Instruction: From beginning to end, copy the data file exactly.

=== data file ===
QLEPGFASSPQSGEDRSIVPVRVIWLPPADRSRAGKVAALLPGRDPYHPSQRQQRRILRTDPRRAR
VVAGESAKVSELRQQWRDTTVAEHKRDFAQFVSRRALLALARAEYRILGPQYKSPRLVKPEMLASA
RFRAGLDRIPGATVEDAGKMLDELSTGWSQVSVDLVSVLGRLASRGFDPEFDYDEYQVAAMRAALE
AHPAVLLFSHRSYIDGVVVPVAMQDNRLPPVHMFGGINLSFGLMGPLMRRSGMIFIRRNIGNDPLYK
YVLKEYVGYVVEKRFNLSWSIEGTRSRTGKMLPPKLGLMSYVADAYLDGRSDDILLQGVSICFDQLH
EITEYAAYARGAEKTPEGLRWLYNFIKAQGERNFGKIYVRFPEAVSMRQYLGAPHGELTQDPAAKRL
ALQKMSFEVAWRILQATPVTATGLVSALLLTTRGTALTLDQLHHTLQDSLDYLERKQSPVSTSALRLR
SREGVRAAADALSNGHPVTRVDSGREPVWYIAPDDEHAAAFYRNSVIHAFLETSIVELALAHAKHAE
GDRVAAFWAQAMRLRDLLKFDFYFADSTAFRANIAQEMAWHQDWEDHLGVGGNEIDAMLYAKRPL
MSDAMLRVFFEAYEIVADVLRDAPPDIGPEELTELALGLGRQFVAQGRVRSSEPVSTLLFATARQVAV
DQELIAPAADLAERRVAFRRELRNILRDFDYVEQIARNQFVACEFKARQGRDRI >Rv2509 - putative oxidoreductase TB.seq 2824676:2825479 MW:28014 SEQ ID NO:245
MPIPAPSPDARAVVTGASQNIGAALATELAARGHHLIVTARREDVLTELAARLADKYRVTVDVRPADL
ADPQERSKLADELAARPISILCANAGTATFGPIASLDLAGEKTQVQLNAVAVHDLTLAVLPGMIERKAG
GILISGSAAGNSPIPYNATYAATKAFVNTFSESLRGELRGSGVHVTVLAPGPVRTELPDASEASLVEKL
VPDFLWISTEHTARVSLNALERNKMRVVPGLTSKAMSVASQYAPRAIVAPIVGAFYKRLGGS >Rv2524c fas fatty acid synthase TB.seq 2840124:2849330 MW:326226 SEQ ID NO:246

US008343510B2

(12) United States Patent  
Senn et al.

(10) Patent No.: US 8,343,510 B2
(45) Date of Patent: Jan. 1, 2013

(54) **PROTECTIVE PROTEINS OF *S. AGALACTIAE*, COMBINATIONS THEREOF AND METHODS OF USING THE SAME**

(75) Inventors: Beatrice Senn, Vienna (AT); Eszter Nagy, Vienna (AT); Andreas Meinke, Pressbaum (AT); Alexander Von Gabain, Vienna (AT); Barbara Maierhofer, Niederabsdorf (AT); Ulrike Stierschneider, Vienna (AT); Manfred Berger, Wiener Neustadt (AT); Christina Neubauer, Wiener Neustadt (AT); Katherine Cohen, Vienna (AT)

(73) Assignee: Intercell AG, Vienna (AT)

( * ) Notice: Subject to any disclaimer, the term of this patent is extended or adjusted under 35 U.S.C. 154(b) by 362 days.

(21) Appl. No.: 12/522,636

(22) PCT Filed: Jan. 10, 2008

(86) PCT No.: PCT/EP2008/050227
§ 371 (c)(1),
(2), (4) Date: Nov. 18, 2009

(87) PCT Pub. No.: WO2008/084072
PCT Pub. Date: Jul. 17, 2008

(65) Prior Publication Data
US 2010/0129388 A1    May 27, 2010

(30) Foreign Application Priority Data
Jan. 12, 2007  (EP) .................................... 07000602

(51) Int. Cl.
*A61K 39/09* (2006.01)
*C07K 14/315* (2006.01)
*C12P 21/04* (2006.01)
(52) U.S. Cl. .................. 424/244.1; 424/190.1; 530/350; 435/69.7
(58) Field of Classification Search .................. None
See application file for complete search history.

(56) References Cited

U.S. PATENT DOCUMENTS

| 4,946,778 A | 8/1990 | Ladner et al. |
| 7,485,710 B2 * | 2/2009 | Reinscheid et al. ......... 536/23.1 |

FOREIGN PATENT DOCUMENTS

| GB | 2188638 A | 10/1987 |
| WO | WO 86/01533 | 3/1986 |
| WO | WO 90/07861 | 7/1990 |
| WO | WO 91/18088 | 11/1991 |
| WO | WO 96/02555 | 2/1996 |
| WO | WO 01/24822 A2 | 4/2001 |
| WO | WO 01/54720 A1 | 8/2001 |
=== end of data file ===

QLEPGFASSPQSGEDRSIVPVRVIWLPPADRSRAGKVAALLPGRDPYHPSQRQQRRILRTDPRRAR
VVAGESAKVSELRQQWRDTTVAEHKRDFAQFVSRRALLALARAEYRILGPQYKSPRLVKPEMLASA
RFRAGLDRIPGATVEDAGKMLDELSTGWSQVSVDLVSVLGRLASRGFDPEFDYDEYQVAAMRAALE
AHPAVLLFSHRSYIDGVVVPVAMQDNRLPPVHMFGGINLSFGLMGPLMRRSGMIFIRRNIGNDPLYK
YVLKEYVGYVVEKRFNLSWSIEGTRSRTGKMLPPKLGLMSYVADAYLDGRSDDILLQGVSICFDQLH
EITEYAAYARGAEKTPEGLRWLYNFIKAQGERNFGKIYVRFPEAVSMRQYLGAPHGELTQDPAAKRL
ALQKMSFEVAWRILQATPVTATGLVSALLLTTRGTALTLDQLHHTLQDSLDYLERKQSPVSTSALRLR
SREGVRAAADALSNGHPVTRVDSGREPVWYIAPDDEHAAAFYRNSVIHAFLETSIVELALAHAKHAE
GDRVAAFWAQAMRLRDLLKFDFYFADSTAFRANIAQEMAWHQDWEDHLGVGGNEIDAMLYAKRPL
MSDAMLRVFFEAYEIVADVLRDAPPDIGPEELTELALGLGRQFVAQGRVRSSEPVSTLLFATARQVAV
DQELIAPAADLAERRVAFRRELRNILRDFDYVEQIARNQFVACEFKARQGRDRI >Rv2509 - putative oxidoreductase TB.seq 2824676:2825479 MW:28014 SEQ ID NO:245
MPIPAPSPDARAVVTGASQNIGAALATELAARGHHLIVTARREDVLTELAARLADKYRVTVDVRPADL
ADPQERSKLADELAARPISILCANAGTATFGPIASLDLAGEKTQVQLNAVAVHDLTLAVLPGMIERKAG
GILISGSAAGNSPIPYNATYAATKAFVNTFSESLRGELRGSGVHVTVLAPGPVRTELPDASEASLVEKL
VPDFLWISTEHTARVSLNALERNKMRVVPGLTSKAMSVASQYAPRAIVAPIVGAFYKRLGGS >Rv2524c fas fatty acid synthase TB.seq 2840124:2849330 MW:326226 SEQ ID NO:246

US008343510B2

(12) United States Patent  
Senn et al.

(10) Patent No.: US 8,343,510 B2
(45) Date of Patent: Jan. 1, 2013

(54) **PROTECTIVE PROTEINS OF *S. AGALACTIAE*, COMBINATIONS THEREOF AND METHODS OF USING THE SAME**

(75) Inventors: Beatrice Senn, Vienna (AT); Eszter Nagy, Vienna (AT); Andreas Meinke, Pressbaum (AT); Alexander Von Gabain, Vienna (AT); Barbara Maierhofer, Niederabsdorf (AT); Ulrike Stierschneider, Vienna (AT); Manfred Berger, Wiener Neustadt (AT); Christina Neubauer, Wiener Neustadt (AT); Katherine Cohen, Vienna (AT)

(73) Assignee: Intercell AG, Vienna (AT)

( * ) Notice: Subject to any disclaimer, the term of this patent is extended or adjusted under 35 U.S.C. 154(b) by 362 days.

(21) Appl. No.: 12/522,636

(22) PCT Filed: Jan. 10, 2008

(86) PCT No.: PCT/EP2008/050227
§ 371 (c)(1),
(2), (4) Date: Nov. 18, 2009

(87) PCT Pub. No.: WO2008/084072
PCT Pub. Date: Jul. 17, 2008

(65) Prior Publication Data
US 2010/0129388 A1    May 27, 2010

(30) Foreign Application Priority Data
Jan. 12, 2007  (EP) .................................... 07000602

(51) Int. Cl.
*A61K 39/09* (2006.01)
*C07K 14/315* (2006.01)
*C12P 21/04* (2006.01)
(52) U.S. Cl. .................. 424/244.1; 424/190.1; 530/350; 435/69.7
(58) Field of Classification Search .................. None
See application file for complete search history.

(56) References Cited

U.S. PATENT DOCUMENTS

| 4,946,778 A | 8/1990 | Ladner et al. |
| 7,485,710 B2 * | 2/2009 | Reinscheid et al. ......... 536/23.1 |

FOREIGN PATENT DOCUMENTS

| GB | 2188638 A | 10/1987 |
| WO | WO 86/01533 | 3/1986 |
| WO | WO 90/07861 | 7/1990 |
| WO | WO 91/18088 | 11/1991 |
| WO | WO 96/02555 | 2/1996 |
| WO | WO 01/24822 A2 | 4/2001 |
| WO | WO 01/54720 A1 | 8/2001 |